Sometimes referred to (incorrectly), as The Battle of Dade County – The more appropriate “Dade Massacre”, was a Military engagement of The 2nd Seminole (Indian) War (1835-1845).
There were actually “3” Seminole Wars. The United States had annexed Florida as a Territory from Spain after The War of 1812 with Great Britain. The indigenous Native-American population were known as The Seminoles. Spain had tried to subjugate them, with disastrous results. As such, Spain left The Seminoles alone (a mutual condition). The United States quickly sent in Settlers and The Army, establishing many wooden Forts throughout The Territory, much to the disdain of The Seminoles. Mutual War was declared from 1816 to 1819. A uneasy Peace led to 1830, and President Andrew Jackson’s “Indian Removal Act”. The vast majority of The Mississippi Region Tribes were forcibly removed to newly established “Reservations”. The Government moved in and established Settlements. President Jackson, (the Commanding General of Army Forces during The 1st War), was not at all surprised that The Seminoles would not leave. In 1835, he sent The Army once again into The Swamps and Palmetto Brush of Florida. Forts were again erected (or damaged ones repaired). On December 20, 1835, Major Francis Dade was given a Mission. March from Fort Brooke (present day Tampa) in-land to Fort King (present Ocala – or Central Florida).
The Seminoles had been “shadowing” The American Forces of 110-Soldiers and (1) 6-Pound Artillery piece for days. The thick Palmetto Brush made the act of "camouflage" by laying flat an easy feat for the well disciplined Seminoles. Well Armed with Musket, they established a “moving Flank” on both sides of The American Column. 25-miles South of Fort King (around 10 AM), Warchief Micanopy and his 180-Braves, set their trap. The Seminoles fired their rifles at a distance of 50-yards. Half of The American Troops fell dead, including Major Dade. Command now fell to Captain George Gardiner. Rallying his remaining Forces, he ordered a hastily constructed Breastwork of Palmetto Trees. The Seminoles called it a “Fort”. They were amused. The remaining American Soldiers tried valiantly to defend their positions. However, they did not carry enough Gunpowder with them. Around 4 PM, The Seminoles grew tired. They charged The Americans. It ended quickly.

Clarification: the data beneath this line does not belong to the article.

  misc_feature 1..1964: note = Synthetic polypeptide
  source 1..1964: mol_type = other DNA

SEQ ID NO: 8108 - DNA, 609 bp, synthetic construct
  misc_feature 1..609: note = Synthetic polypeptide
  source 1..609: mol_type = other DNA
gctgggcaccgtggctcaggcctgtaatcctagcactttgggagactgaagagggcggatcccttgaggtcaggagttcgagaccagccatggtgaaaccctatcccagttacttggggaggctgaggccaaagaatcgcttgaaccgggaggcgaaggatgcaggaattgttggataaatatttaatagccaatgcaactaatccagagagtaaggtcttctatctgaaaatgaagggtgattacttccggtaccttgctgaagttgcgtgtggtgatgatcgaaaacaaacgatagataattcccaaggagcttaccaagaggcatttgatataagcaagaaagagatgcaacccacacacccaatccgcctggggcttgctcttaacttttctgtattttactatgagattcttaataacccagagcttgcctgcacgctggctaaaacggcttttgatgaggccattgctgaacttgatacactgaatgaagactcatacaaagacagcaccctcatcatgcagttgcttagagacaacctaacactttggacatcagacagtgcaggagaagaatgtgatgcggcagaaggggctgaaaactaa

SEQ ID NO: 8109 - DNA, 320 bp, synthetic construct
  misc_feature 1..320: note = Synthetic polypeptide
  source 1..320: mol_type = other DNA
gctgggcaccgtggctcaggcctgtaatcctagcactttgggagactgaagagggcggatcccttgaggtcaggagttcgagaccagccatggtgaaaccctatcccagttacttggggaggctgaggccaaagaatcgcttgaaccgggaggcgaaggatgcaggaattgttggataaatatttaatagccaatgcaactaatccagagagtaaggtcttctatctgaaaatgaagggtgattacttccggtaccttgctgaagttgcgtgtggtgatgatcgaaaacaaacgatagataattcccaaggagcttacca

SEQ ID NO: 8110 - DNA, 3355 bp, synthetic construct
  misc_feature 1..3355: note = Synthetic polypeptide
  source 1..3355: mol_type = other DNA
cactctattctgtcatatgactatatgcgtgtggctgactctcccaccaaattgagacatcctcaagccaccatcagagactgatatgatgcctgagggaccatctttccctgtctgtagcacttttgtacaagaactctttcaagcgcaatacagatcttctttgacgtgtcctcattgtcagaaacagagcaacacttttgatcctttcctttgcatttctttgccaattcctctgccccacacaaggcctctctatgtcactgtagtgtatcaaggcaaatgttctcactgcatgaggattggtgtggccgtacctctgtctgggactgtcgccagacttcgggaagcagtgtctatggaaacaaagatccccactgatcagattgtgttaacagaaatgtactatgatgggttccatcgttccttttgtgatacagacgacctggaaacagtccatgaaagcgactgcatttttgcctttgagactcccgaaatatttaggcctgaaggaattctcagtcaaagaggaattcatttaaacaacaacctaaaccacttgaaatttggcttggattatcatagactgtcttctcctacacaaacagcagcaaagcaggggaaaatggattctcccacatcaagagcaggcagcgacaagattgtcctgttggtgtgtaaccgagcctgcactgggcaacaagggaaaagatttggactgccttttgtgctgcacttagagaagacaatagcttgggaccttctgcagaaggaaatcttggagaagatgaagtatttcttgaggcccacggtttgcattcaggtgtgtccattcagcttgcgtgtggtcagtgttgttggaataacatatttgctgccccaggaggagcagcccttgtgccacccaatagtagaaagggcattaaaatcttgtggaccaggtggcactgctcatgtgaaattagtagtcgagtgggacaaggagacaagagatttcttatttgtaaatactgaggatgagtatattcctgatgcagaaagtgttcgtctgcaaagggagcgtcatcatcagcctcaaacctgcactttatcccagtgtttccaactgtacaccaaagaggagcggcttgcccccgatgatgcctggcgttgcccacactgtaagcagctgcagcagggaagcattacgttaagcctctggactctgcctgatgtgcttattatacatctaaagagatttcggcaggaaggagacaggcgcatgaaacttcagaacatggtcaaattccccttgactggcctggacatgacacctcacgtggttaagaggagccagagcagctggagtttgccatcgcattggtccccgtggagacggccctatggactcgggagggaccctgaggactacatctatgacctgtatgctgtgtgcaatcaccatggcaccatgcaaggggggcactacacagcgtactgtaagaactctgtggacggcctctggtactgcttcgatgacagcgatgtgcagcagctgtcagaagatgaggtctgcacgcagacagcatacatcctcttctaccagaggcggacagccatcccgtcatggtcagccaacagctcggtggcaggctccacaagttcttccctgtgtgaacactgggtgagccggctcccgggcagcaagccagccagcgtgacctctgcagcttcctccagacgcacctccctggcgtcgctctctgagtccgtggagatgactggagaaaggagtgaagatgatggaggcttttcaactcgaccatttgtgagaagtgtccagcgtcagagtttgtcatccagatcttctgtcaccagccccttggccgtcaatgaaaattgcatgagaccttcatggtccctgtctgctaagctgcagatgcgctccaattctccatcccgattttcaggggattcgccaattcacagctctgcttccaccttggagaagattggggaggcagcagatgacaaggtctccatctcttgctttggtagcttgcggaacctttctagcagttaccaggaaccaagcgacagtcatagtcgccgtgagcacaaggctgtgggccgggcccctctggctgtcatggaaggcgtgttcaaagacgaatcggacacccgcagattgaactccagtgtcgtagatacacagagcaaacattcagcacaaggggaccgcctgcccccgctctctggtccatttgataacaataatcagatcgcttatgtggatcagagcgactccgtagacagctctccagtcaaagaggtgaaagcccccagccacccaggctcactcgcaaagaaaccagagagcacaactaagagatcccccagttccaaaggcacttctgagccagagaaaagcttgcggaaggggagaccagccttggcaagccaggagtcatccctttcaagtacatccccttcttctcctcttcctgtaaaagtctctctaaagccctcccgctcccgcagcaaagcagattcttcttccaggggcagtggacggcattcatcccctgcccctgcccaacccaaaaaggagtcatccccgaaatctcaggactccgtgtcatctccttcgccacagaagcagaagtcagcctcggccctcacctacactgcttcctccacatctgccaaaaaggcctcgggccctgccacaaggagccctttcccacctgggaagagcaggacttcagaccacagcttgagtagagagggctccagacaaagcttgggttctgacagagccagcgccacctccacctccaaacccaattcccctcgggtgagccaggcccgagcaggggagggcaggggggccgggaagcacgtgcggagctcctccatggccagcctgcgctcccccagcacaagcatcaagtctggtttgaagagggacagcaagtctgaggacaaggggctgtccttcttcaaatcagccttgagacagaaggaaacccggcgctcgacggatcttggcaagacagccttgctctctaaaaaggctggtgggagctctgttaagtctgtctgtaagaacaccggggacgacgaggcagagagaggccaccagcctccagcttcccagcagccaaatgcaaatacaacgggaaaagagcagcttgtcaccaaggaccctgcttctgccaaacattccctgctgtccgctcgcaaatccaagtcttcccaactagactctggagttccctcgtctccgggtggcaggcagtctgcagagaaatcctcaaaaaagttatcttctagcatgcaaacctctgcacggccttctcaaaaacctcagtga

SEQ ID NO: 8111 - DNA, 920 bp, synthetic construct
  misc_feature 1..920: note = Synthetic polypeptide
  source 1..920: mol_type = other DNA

“History” states that “some” Soldiers survived. The Seminoles were not accustomed to killing a wounded Warrior. However, some accounts of The Battle, tell of “Mounted Negros” arriving several hours later and killing all left alive. Guns, clothing – all that could be taken was. The Seminoles were not keepers of “Slaves”, and often allowed “Runaways” to join their Tribe. They were well aware of the hatred they held for “Whites”.
107 US Soldiers died with only 2 surviving. One died from wounds hours after the “Negro Horsemen” left The Field. The other, one Private Ranson Clark (shot several times, with a severe laceration to his face), climbed under a heap of dead fellow Soldiers. Walking 25-miles to Ft. King – we was helped along the way by a “friendly Seminole Female”. Private Clark’s account of The Battle is all that survived.
For the next year (1837), The Seminoles held sway. All most every Homestead and Fort was attacked and burned down. President Jackson had had enough. He would pour thousands more Soldiers into Florida. Battle after Battle, with victories and defeats – would lead to yet another uneasy Truce. That is until 1855, when War would once again flare up between The United States and The Seminole Confederation.